Hi, so for purely educational purposes I have been wanting to build a simple chat application. My first intentions where to create a simple form based application and sent and received messages to my database, but this leads me to some questions.
Even if I use AJAX to pull any new messages from the database, how would I be able to make the pulls every few seconds while not overloading MySQL with to many connections?
Not only how would I do this with out overloading MySQL, but killing my hosting bandwidth?
03-22-2009, 11:59 PM
Well, you WILL kill your bandwidth if you have 7,348 simultaneous users. But a handful of users? Each hitting the server with an "anything new" request every (say) 3 to 5 seconds? Noise.
Do I assume you will be coding this in PHP? So does PHP have the equivalent of ASP and ASP.NET's "Application" object? Basically, in those technologies, there is an object that *ALL* threads/pages have acccess to on a shared basis. There's a simple locking mechanism so that one user can change the contents while forcing all others to wait, thus avoiding deadlocks. If you have that capability--or can build it--then the easy answer is that when a user *posts* a message, you add it to the DB, yes, but you *ALSO* add it to an array that is stored at that global level (using lockout, of course). And you timestamp it.
So now when a user's AJAX (or equivalent...consider using an <IFRAME> or maybe even hidden <IFRAME>) hits the site every 3 seconds you only have to ask the application-scope object "what's the latest timestamp". The caller supplies the timestamp of the last message that the caller has knowledge of, of course, and now a simple comparison allows you to send back any new messages.
VERY low DB overhead.
You can, of course, do the equivalent all in the DB. And chances are that if you have any decent caching at all for that DB then the table you are hitting to look for updates will still be "hot" in memory, so it's not really going to be a too-heavy DB hit. But if you can avoid the DB hit, do so.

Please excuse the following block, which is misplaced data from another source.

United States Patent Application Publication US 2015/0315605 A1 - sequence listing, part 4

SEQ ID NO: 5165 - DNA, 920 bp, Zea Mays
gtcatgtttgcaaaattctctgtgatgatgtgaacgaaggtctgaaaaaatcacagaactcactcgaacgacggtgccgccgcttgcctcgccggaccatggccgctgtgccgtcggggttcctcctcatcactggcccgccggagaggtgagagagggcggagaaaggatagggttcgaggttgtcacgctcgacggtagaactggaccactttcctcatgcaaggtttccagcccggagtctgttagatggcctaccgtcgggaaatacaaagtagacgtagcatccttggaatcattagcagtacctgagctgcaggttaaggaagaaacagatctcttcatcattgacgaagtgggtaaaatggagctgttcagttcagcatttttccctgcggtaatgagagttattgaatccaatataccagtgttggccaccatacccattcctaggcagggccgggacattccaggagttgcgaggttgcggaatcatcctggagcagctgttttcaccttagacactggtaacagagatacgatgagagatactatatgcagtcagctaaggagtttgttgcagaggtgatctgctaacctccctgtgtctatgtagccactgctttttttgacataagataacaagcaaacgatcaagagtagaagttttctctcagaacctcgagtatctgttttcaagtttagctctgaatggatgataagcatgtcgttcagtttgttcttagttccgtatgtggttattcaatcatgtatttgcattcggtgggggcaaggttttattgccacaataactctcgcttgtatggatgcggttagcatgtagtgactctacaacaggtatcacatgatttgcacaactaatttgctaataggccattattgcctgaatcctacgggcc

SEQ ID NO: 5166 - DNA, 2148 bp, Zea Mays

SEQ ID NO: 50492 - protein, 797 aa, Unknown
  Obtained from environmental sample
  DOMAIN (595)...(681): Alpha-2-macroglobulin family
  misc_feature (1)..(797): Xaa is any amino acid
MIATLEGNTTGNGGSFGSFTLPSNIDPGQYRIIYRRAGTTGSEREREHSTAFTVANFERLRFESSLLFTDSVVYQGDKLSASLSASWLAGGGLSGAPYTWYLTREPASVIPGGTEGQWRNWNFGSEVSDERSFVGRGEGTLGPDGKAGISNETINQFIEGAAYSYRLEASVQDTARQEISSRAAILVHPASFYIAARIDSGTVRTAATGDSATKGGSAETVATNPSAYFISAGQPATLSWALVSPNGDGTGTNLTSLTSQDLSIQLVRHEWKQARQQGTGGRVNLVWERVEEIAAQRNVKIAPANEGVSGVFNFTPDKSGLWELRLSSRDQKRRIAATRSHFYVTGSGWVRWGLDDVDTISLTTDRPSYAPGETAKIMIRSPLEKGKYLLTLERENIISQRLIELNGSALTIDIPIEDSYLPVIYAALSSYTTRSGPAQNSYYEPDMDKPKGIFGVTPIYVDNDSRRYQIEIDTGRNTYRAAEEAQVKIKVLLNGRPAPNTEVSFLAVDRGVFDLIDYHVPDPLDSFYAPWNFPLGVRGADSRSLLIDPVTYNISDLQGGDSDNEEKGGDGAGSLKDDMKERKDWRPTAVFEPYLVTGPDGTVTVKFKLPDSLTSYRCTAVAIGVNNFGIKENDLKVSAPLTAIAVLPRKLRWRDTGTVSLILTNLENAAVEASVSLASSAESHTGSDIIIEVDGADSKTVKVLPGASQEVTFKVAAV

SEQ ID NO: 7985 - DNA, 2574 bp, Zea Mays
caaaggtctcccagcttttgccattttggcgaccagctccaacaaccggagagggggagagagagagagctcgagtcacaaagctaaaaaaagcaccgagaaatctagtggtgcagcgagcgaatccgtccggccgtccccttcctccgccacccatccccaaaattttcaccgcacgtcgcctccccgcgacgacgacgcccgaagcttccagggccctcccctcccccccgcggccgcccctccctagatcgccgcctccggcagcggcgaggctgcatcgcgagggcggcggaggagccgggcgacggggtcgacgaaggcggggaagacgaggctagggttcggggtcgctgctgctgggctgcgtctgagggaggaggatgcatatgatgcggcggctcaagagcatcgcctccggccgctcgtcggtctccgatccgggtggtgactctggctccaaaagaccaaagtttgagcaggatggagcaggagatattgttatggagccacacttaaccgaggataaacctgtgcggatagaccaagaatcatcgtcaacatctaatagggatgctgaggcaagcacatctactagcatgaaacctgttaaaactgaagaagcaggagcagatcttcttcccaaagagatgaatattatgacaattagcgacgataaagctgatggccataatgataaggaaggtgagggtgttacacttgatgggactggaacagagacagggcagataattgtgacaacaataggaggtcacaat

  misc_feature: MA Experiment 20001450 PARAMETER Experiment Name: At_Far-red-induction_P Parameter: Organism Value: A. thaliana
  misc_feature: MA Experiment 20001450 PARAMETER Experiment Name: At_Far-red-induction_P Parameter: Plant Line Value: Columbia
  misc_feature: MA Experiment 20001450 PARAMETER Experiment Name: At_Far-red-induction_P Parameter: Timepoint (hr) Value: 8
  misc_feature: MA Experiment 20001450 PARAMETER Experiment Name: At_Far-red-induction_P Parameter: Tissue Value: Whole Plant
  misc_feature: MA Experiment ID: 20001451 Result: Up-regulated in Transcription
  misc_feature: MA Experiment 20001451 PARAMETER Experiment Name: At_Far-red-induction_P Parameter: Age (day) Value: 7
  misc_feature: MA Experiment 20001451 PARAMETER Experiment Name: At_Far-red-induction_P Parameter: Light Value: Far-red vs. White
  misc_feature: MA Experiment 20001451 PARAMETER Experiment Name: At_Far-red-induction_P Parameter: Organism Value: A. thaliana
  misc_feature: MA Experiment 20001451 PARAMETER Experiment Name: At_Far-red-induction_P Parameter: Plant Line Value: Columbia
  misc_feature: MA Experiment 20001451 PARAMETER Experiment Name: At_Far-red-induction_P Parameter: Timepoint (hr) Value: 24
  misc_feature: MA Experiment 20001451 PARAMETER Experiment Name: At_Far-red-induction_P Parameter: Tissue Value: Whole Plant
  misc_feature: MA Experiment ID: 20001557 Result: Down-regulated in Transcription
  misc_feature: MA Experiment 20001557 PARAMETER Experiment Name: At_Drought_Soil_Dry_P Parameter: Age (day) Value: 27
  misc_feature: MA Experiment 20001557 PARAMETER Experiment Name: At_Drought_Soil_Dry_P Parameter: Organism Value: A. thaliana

If you are going to support multiple simultaneous but separate chats, you COULD still use the global app object, but it might be much easier to just use the DB. Depends on what capabilities the hypothetical PHP global scope object/collection/whatever has.
I could write this in ASP in about 30 minutes, and I'd just use an <IFRAME> for the chat area and have the server simply refresh the <IFRAME> each time. Wouldn't be efficient, but would sure be up and running quickly. (Oh, yes, and would support simultaneous separate conversations.)
Yeah PHP and MySQL is what I use with my hosting. I guess I might have been overly worried cause I have never ran so many requests to and from my database before so I just didn't know what my results in both bandwidth and database performance would be like.
Thanks for the advise Old Pedant good looking out.
03-23-2009, 06:45 PM
Standard default for simultaneous mysql connections is 150 IIRC. Don't know what server load that creates, but I'm guessing if that would be large overhead they'd use a lower number.
mysql was set up originally to be consumer/user friendly and fast.
03-23-2009, 07:57 PM
Our installation only had 100, using MySQL with Tomcat and Apache.
But that's PLENTY! Tomcat really bogs down if you give it much more than 20 to 50 threads (depending on the processor[s]). So even with 50 threads [simultaneous pages being served], that allows for 2 connections per thread. In a chat app, I can't see why you'd need more than 1 per thread. We ran stress tests on that configuration with 10,000 simulated clients and never had a real hiccup (or at least none that weren't the fault of our code).
I'd be real surprised if PHP and Apache didn't perform quite similarly.
I also simulated thousand records on my end. With 10 connections going at once. I was receiving a my_sql error about to many connections but after I added the close connection potions to my get and post everything seems to be running smooth.
03-23-2009, 09:10 PM
LOL! Yeah, unlike ASP, if you don't close connections in JSP or PHP you are hosed. Sloppy coding of the frameworks, in my opinion. It wouldn't be hard for the frameworks to keep track of which threads opened a connection and auto-close them when the thread went away or change what page it is servicing. Now, granted, doing it the ASP way leads to sloppy user programming, but I think that's better than taking a site down because of a rare code path that for some reason doesn't get the connection closed.